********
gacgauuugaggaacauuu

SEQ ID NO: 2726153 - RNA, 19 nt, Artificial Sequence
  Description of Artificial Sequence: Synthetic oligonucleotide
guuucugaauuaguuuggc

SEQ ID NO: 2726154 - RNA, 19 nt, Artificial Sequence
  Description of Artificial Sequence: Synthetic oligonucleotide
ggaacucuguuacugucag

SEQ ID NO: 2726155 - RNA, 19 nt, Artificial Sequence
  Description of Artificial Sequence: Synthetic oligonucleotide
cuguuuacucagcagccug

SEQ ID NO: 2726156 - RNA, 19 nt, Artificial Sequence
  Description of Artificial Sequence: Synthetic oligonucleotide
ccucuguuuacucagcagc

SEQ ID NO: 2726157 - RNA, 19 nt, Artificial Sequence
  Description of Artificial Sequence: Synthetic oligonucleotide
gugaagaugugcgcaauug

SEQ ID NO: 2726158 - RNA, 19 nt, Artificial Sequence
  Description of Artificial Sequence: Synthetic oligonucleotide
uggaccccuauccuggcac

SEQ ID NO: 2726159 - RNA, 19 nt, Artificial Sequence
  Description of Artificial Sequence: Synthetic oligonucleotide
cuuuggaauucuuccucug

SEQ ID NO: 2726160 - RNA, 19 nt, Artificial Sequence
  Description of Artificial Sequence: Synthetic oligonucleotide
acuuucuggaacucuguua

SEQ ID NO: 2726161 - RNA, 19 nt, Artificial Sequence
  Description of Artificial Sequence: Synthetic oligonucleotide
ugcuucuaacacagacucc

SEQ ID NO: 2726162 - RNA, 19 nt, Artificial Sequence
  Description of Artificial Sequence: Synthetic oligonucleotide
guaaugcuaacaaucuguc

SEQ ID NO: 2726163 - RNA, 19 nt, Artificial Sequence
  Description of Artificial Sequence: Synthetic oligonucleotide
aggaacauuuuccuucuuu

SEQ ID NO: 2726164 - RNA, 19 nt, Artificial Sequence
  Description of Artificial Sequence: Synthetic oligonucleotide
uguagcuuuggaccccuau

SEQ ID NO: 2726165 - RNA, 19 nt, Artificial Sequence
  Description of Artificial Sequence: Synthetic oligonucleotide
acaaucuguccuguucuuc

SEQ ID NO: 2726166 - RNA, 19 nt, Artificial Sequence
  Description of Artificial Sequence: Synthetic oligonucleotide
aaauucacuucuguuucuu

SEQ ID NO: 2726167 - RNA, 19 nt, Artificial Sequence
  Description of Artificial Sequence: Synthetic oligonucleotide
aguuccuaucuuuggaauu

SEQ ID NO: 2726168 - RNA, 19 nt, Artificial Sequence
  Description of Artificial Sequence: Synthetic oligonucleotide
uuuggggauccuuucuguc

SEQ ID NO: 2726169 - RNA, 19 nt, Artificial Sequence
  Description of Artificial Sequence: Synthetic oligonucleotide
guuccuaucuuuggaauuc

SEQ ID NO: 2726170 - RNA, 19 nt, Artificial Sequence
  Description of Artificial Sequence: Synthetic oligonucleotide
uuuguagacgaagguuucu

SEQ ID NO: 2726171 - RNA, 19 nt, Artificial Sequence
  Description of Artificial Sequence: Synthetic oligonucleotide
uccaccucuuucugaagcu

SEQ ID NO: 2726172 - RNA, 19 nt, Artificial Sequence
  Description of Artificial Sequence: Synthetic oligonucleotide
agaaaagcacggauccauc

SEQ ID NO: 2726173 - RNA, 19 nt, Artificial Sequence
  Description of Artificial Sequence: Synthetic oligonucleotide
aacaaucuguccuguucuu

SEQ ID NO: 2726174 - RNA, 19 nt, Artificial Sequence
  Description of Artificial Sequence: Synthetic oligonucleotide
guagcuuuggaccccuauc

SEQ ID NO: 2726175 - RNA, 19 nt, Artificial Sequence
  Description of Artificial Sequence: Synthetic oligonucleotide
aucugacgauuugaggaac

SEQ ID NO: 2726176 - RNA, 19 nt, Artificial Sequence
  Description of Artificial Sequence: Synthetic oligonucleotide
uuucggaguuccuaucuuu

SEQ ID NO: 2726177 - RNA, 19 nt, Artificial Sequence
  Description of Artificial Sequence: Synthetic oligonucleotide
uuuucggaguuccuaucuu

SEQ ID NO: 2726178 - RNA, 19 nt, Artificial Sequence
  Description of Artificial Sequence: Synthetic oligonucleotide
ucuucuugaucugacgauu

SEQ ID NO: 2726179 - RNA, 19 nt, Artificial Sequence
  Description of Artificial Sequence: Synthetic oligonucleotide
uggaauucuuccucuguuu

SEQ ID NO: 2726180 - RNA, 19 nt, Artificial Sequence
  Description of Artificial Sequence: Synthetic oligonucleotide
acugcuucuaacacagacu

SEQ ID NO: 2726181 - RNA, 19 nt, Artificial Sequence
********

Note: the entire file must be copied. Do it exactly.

gacgauuugaggaacauuu

SEQ ID NO: 2726153 - RNA, 19 nt, Artificial Sequence
  Description of Artificial Sequence: Synthetic oligonucleotide
guuucugaauuaguuuggc

SEQ ID NO: 2726154 - RNA, 19 nt, Artificial Sequence
  Description of Artificial Sequence: Synthetic oligonucleotide
ggaacucuguuacugucag

SEQ ID NO: 2726155 - RNA, 19 nt, Artificial Sequence
  Description of Artificial Sequence: Synthetic oligonucleotide
cuguuuacucagcagccug

SEQ ID NO: 2726156 - RNA, 19 nt, Artificial Sequence
  Description of Artificial Sequence: Synthetic oligonucleotide
ccucuguuuacucagcagc

SEQ ID NO: 2726157 - RNA, 19 nt, Artificial Sequence
  Description of Artificial Sequence: Synthetic oligonucleotide
gugaagaugugcgcaauug

SEQ ID NO: 2726158 - RNA, 19 nt, Artificial Sequence
  Description of Artificial Sequence: Synthetic oligonucleotide
uggaccccuauccuggcac

SEQ ID NO: 2726159 - RNA, 19 nt, Artificial Sequence
  Description of Artificial Sequence: Synthetic oligonucleotide
cuuuggaauucuuccucug

SEQ ID NO: 2726160 - RNA, 19 nt, Artificial Sequence
  Description of Artificial Sequence: Synthetic oligonucleotide
acuuucuggaacucuguua

SEQ ID NO: 2726161 - RNA, 19 nt, Artificial Sequence
  Description of Artificial Sequence: Synthetic oligonucleotide
ugcuucuaacacagacucc

SEQ ID NO: 2726162 - RNA, 19 nt, Artificial Sequence
  Description of Artificial Sequence: Synthetic oligonucleotide
guaaugcuaacaaucuguc

SEQ ID NO: 2726163 - RNA, 19 nt, Artificial Sequence
  Description of Artificial Sequence: Synthetic oligonucleotide
aggaacauuuuccuucuuu

SEQ ID NO: 2726164 - RNA, 19 nt, Artificial Sequence
  Description of Artificial Sequence: Synthetic oligonucleotide
uguagcuuuggaccccuau

SEQ ID NO: 2726165 - RNA, 19 nt, Artificial Sequence
  Description of Artificial Sequence: Synthetic oligonucleotide
acaaucuguccuguucuuc

SEQ ID NO: 2726166 - RNA, 19 nt, Artificial Sequence
  Description of Artificial Sequence: Synthetic oligonucleotide
aaauucacuucuguuucuu

SEQ ID NO: 2726167 - RNA, 19 nt, Artificial Sequence
  Description of Artificial Sequence: Synthetic oligonucleotide
aguuccuaucuuuggaauu

SEQ ID NO: 2726168 - RNA, 19 nt, Artificial Sequence
  Description of Artificial Sequence: Synthetic oligonucleotide
uuuggggauccuuucuguc

SEQ ID NO: 2726169 - RNA, 19 nt, Artificial Sequence
  Description of Artificial Sequence: Synthetic oligonucleotide
guuccuaucuuuggaauuc

SEQ ID NO: 2726170 - RNA, 19 nt, Artificial Sequence
  Description of Artificial Sequence: Synthetic oligonucleotide
uuuguagacgaagguuucu

SEQ ID NO: 2726171 - RNA, 19 nt, Artificial Sequence
  Description of Artificial Sequence: Synthetic oligonucleotide
uccaccucuuucugaagcu

SEQ ID NO: 2726172 - RNA, 19 nt, Artificial Sequence
  Description of Artificial Sequence: Synthetic oligonucleotide
agaaaagcacggauccauc

SEQ ID NO: 2726173 - RNA, 19 nt, Artificial Sequence
  Description of Artificial Sequence: Synthetic oligonucleotide
aacaaucuguccuguucuu

SEQ ID NO: 2726174 - RNA, 19 nt, Artificial Sequence
  Description of Artificial Sequence: Synthetic oligonucleotide
guagcuuuggaccccuauc

SEQ ID NO: 2726175 - RNA, 19 nt, Artificial Sequence
  Description of Artificial Sequence: Synthetic oligonucleotide
aucugacgauuugaggaac

SEQ ID NO: 2726176 - RNA, 19 nt, Artificial Sequence
  Description of Artificial Sequence: Synthetic oligonucleotide
uuucggaguuccuaucuuu

SEQ ID NO: 2726177 - RNA, 19 nt, Artificial Sequence
  Description of Artificial Sequence: Synthetic oligonucleotide
uuuucggaguuccuaucuu

SEQ ID NO: 2726178 - RNA, 19 nt, Artificial Sequence
  Description of Artificial Sequence: Synthetic oligonucleotide
ucuucuugaucugacgauu

SEQ ID NO: 2726179 - RNA, 19 nt, Artificial Sequence
  Description of Artificial Sequence: Synthetic oligonucleotide
uggaauucuuccucuguuu

SEQ ID NO: 2726180 - RNA, 19 nt, Artificial Sequence
  Description of Artificial Sequence: Synthetic oligonucleotide
acugcuucuaacacagacu

SEQ ID NO: 2726181 - RNA, 19 nt, Artificial Sequence